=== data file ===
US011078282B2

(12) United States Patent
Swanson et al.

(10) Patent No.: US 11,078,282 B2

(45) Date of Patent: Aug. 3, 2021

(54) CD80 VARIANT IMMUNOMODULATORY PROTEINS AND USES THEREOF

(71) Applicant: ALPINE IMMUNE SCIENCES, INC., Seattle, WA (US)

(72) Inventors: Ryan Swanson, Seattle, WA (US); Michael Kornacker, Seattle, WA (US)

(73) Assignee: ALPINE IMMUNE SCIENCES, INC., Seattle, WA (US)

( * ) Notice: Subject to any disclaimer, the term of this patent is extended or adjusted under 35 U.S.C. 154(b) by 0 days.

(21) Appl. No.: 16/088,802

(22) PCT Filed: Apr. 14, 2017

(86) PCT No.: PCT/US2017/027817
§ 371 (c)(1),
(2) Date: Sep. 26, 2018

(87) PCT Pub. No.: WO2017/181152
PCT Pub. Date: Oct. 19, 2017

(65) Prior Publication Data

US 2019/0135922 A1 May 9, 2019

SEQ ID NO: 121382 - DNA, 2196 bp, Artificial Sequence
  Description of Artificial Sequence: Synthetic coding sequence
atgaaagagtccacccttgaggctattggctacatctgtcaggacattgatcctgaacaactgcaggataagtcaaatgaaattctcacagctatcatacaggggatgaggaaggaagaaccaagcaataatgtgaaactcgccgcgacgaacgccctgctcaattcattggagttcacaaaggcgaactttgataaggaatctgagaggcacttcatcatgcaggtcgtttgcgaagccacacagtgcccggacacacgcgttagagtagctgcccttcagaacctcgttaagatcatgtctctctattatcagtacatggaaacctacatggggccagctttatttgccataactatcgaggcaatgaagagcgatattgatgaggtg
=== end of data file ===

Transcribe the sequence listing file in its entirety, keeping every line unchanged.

US011078282B2

(12) United States Patent
Swanson et al.

(10) Patent No.: US 11,078,282 B2

(45) Date of Patent: Aug. 3, 2021

(54) CD80 VARIANT IMMUNOMODULATORY PROTEINS AND USES THEREOF

(71) Applicant: ALPINE IMMUNE SCIENCES, INC., Seattle, WA (US)

(72) Inventors: Ryan Swanson, Seattle, WA (US); Michael Kornacker, Seattle, WA (US)

(73) Assignee: ALPINE IMMUNE SCIENCES, INC., Seattle, WA (US)

( * ) Notice: Subject to any disclaimer, the term of this patent is extended or adjusted under 35 U.S.C. 154(b) by 0 days.

(21) Appl. No.: 16/088,802

(22) PCT Filed: Apr. 14, 2017

(86) PCT No.: PCT/US2017/027817
§ 371 (c)(1),
(2) Date: Sep. 26, 2018

(87) PCT Pub. No.: WO2017/181152
PCT Pub. Date: Oct. 19, 2017

(65) Prior Publication Data

US 2019/0135922 A1 May 9, 2019

SEQ ID NO: 121382 - DNA, 2196 bp, Artificial Sequence
  Description of Artificial Sequence: Synthetic coding sequence
atgaaagagtccacccttgaggctattggctacatctgtcaggacattgatcctgaacaactgcaggataagtcaaatgaaattctcacagctatcatacaggggatgaggaaggaagaaccaagcaataatgtgaaactcgccgcgacgaacgccctgctcaattcattggagttcacaaaggcgaactttgataaggaatctgagaggcacttcatcatgcaggtcgtttgcgaagccacacagtgcccggacacacgcgttagagtagctgcccttcagaacctcgttaagatcatgtctctctattatcagtacatggaaacctacatggggccagctttatttgccataactatcgaggcaatgaagagcgatattgatgaggtg